Do you remember what you talked about in the Safe Ride van on the way back from the party last weekend? Probably not. Chances are, though, that your Safe Ride driver does.

The Safe Ride Program has served Bowdoin students for some 20 years and, according to Assistant Director of Security Louann Dustin-Hunter, students have always worked as the drivers. This semester, a rotation of 13 students drive the Safe Ride van Sundays through Thursdays from 5 p.m. to 3 a.m. and Fridays and Saturdays from 3 p.m. to 3 a.m.

Students apply to become Safe Ride drivers at the beginning of the semester through the Student Employment Web site. Students wishing to be Safe Ride drivers must be van certified and have a clean driving record.

Sophomore Alicia Martinez drives one of the 1 to 3 a.m. shifts and applied for the job because she "love[s] driving, it's so relaxing."

First year David Paul said, "I love driving and as a first year, I thought it would be a great way to learn the geography of Brunswick."

Though reasons for being a student Safe Ride driver vary, the comfortable wages are certainly nothing to complain about. Starting pay is $8.25 an hour, with standard pay raise according to the College's policy. The starting pay for most on-campus jobs is under $8.00.

Another job perk for Martinez is the opportunity being a student Safe Ride driver gives her to "meet a lot of interesting people."

Driver David Funk '10 said that he usually makes conversation with his passenger to make things less awkward, but in one situation it just made it worse.

"I picked up a girl from Parkview Hospital late one Sunday," he said. "I asked her, and prefaced it with 'if you don't mind me asking,' what she was doing at Parkview so late. She was silent for about a minute and then said, 'UTI.'"

"That was the most awkward I have ever felt in a safe-ride and I can only imagine what she was feeling," Funk added.

While many students who utilize Safe Ride are not under the influence of alcohol or any other substance, some students are.

Funk has driven many inebriated students around campus.

"One night I picked up a student who was not sober in any way and drove him back to his apartment. He told me that his friends called Safe Ride for him. 'I guess that means I am pretty f***ed up...,' was his conclusion," said Funk.

"Once outside of his apartment, the student refused to get out of the car because [he thought] BCN was trying to kill him. 'You don't see them? You don't see them? They have surrounded the car!' This student pleaded with me to let him stay in the van because he would die if he got out. He insisted that we whisper and not say the acronym BCN because 'they cannot know we are onto them.' Once I convinced him that he would not get shot and that I would wait and make sure he got into his apartment safely, he decided it was okay to make a run for it."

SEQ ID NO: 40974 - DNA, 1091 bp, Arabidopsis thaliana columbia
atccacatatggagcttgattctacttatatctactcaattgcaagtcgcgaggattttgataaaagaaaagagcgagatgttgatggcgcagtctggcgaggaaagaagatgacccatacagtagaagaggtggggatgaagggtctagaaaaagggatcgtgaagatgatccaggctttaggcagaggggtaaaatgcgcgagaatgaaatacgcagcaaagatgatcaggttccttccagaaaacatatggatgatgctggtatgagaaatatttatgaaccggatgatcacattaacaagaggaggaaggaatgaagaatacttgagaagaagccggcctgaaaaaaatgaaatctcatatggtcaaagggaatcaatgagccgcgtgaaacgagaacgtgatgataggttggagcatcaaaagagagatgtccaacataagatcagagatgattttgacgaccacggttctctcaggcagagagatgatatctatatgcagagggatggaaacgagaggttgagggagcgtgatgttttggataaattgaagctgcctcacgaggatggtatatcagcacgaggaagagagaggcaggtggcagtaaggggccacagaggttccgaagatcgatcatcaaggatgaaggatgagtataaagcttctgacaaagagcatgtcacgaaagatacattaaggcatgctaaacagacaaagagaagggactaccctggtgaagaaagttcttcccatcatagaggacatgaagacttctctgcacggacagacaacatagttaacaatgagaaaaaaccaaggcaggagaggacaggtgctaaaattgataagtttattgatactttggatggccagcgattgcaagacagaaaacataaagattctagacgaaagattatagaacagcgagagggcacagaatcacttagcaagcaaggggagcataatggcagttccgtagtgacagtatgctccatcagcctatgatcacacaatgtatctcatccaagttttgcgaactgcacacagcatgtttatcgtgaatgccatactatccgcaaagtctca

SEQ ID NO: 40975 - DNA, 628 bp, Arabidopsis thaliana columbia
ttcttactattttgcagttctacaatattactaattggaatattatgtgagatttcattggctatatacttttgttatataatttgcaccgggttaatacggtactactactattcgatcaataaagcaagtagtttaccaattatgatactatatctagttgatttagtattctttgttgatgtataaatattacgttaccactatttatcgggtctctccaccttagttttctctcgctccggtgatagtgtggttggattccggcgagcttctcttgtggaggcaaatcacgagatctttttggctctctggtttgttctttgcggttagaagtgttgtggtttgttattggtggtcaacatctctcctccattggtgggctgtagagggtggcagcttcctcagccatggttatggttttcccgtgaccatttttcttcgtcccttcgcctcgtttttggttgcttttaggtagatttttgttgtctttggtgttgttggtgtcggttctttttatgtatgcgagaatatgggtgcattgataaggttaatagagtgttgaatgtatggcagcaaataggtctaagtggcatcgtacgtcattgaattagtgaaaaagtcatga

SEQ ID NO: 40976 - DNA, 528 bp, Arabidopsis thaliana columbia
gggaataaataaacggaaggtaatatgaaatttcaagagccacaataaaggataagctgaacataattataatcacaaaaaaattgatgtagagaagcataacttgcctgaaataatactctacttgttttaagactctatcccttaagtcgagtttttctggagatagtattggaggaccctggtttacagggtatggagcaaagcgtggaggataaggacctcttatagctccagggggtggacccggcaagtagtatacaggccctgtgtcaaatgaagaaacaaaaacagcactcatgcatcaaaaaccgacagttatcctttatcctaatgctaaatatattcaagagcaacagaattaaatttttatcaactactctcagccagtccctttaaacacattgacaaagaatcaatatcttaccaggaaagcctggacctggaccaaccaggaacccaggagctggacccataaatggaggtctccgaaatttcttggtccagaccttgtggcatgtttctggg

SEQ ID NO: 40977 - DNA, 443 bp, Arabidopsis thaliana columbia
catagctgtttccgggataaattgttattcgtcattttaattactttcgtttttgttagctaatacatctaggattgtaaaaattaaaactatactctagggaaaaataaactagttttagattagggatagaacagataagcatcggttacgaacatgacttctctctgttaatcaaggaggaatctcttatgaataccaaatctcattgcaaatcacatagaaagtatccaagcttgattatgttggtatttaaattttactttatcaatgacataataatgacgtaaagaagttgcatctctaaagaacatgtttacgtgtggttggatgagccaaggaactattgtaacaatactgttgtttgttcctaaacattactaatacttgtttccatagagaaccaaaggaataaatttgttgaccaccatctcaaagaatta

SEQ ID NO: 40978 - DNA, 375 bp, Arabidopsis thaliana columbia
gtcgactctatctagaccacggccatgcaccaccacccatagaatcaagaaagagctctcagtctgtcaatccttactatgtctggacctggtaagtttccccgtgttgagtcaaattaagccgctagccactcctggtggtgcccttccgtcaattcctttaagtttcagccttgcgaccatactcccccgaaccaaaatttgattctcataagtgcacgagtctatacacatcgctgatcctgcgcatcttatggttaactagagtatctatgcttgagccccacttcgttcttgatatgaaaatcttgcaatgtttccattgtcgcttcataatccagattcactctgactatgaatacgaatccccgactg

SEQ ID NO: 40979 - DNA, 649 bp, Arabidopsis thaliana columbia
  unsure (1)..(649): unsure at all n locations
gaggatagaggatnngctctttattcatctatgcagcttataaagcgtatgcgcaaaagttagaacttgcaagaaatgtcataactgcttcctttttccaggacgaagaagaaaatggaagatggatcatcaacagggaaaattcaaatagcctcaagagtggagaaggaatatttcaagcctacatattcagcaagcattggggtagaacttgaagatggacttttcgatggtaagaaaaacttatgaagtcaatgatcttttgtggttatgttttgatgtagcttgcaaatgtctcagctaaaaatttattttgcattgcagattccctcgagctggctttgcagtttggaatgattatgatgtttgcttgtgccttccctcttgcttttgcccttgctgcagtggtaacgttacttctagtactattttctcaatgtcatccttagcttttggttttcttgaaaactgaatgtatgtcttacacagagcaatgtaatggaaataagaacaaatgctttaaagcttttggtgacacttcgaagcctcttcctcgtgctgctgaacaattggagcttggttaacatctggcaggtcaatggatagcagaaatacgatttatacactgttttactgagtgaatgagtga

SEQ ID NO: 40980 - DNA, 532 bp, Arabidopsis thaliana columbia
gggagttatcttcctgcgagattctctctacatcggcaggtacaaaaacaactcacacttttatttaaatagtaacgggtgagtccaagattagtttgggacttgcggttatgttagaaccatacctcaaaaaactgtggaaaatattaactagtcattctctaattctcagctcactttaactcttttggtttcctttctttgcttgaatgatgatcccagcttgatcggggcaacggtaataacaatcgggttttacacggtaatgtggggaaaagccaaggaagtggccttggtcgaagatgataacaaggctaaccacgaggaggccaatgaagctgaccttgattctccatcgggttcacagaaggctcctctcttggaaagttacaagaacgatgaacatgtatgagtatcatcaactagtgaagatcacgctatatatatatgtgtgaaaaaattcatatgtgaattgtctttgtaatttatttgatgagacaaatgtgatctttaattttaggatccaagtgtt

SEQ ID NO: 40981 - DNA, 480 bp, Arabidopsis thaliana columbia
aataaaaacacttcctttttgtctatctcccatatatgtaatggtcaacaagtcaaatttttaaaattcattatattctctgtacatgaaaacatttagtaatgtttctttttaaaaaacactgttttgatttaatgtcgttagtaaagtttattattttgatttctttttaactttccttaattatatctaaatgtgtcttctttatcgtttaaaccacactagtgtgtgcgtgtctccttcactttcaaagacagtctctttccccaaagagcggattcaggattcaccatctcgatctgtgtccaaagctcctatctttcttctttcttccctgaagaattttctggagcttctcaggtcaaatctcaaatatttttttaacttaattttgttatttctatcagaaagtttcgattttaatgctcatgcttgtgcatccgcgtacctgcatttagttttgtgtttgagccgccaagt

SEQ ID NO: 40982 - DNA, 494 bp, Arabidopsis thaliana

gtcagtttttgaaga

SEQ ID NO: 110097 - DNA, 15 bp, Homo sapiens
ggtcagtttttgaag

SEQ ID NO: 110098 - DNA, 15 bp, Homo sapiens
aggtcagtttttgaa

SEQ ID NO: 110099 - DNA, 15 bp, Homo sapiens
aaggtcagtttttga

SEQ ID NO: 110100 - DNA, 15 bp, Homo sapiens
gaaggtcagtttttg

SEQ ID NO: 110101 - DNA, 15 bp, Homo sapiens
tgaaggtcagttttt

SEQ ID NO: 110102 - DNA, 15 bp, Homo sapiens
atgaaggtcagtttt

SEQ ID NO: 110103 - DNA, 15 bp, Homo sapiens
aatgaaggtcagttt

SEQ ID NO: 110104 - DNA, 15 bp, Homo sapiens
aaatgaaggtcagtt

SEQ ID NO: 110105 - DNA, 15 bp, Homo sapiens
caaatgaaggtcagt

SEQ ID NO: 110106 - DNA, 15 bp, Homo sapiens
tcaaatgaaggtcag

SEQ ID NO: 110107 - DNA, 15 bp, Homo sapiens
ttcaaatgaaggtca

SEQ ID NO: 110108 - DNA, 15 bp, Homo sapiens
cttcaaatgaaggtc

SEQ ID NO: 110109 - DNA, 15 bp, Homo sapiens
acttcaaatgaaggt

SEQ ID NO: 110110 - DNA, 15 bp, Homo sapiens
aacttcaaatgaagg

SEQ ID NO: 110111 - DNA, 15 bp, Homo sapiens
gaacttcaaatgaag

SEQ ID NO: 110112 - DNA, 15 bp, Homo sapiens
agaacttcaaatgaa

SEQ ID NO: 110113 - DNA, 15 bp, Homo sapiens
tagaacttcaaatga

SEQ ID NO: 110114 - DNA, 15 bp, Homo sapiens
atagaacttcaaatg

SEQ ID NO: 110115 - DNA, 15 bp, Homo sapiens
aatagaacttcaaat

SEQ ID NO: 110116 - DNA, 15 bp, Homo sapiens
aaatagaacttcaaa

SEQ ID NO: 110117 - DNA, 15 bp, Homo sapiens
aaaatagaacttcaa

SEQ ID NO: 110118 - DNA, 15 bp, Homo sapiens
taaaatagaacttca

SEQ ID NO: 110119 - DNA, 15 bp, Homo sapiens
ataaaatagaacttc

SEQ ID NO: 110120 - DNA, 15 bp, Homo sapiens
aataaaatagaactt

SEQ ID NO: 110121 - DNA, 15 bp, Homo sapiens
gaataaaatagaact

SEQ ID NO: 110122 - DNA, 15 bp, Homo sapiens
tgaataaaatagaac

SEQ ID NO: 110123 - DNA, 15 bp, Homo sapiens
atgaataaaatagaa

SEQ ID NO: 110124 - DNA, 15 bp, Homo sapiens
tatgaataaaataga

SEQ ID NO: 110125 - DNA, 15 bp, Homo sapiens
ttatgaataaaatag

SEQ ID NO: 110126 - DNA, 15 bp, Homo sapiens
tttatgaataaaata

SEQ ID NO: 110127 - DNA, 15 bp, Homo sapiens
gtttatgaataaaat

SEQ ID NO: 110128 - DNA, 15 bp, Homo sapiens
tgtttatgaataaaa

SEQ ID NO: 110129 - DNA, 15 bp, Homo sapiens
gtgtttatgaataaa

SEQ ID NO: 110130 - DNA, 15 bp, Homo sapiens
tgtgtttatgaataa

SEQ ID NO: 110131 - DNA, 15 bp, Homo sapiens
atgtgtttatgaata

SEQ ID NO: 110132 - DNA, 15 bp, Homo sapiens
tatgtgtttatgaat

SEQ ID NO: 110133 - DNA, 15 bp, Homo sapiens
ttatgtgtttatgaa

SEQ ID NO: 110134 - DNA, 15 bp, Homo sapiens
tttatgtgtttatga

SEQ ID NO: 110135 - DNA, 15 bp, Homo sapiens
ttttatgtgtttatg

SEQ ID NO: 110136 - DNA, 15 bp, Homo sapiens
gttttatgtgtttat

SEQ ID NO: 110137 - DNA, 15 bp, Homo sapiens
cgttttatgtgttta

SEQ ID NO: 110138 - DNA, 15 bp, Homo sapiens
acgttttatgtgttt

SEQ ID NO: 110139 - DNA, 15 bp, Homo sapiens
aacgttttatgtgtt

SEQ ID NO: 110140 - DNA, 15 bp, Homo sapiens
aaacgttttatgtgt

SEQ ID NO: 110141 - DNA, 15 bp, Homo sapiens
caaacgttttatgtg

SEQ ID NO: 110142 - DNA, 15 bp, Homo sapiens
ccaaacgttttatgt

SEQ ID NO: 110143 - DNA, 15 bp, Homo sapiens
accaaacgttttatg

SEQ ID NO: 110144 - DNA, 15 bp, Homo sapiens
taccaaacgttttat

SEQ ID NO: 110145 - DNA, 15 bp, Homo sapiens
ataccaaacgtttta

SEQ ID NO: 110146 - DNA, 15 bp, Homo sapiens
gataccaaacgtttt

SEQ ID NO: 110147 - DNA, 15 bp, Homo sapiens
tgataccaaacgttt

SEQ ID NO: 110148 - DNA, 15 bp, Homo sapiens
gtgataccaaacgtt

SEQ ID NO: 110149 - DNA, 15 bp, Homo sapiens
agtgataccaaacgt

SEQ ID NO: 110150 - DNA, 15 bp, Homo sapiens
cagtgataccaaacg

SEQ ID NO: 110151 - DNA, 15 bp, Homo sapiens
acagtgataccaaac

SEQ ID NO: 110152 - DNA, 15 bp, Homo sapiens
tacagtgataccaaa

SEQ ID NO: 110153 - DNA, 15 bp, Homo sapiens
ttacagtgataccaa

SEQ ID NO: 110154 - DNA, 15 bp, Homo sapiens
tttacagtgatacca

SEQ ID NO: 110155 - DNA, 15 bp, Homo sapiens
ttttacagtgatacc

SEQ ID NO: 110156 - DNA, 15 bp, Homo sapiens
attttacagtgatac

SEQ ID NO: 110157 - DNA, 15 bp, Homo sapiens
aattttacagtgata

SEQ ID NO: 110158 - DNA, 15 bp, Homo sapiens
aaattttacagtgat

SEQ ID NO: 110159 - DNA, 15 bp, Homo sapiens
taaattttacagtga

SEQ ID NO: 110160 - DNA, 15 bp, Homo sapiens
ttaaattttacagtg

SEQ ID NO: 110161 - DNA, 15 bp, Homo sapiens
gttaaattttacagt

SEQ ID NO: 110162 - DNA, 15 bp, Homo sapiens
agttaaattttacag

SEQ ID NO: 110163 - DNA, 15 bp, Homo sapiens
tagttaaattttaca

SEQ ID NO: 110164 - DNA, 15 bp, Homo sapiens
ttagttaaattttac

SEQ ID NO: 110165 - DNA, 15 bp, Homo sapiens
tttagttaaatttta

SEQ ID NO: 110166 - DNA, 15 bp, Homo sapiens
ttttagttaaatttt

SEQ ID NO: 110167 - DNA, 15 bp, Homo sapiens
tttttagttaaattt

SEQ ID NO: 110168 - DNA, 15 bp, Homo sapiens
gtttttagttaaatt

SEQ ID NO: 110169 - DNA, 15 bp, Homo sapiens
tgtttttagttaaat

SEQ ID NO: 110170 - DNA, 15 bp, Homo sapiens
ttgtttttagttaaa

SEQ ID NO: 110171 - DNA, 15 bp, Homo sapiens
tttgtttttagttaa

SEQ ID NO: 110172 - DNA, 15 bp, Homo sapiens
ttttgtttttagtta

On a different night, two intoxicated first years begged Funk for a ride to 7-11 after they missed Super Snack.

"When I refused because I had such a long list of rides to pick up, they decided to jump on the back of the minivan and scream 'I am humping the Safe Ride.' Finally, after a period of time had passed, somebody came out of the Afro-Am house and told them to get off," said Funk. "Later after picking up the people who were waiting for me, I drove by these two kids and one of them threw his cellphone at my van."

While Funk and other student Safe Ride drivers are usually good-humored about intoxicated passengers, it is important to remember that drivers can deny rides and report suspicious students to Security. The goal of Safe Ride is to transport students around campus when students do not feel safe walking or transporting themselves.

A common complaint among the student body is that Safe Ride is not worth utilizing because it takes too long for the van to arrive.

"Sometimes it gets hectic and I get one call after another and I don't want to keep any potential safe riders waiting," driver Paul said.

Student Coordinator Janelle Charles '08 said that she "would like the student body to respect Safe Ride."

"It is really important that the van be kept in top shape because the van is not used strictly for security and is checked out to other student organizations," she said. "When people leave garbage and other items in Safe Ride, it makes our jobs a lot more difficult."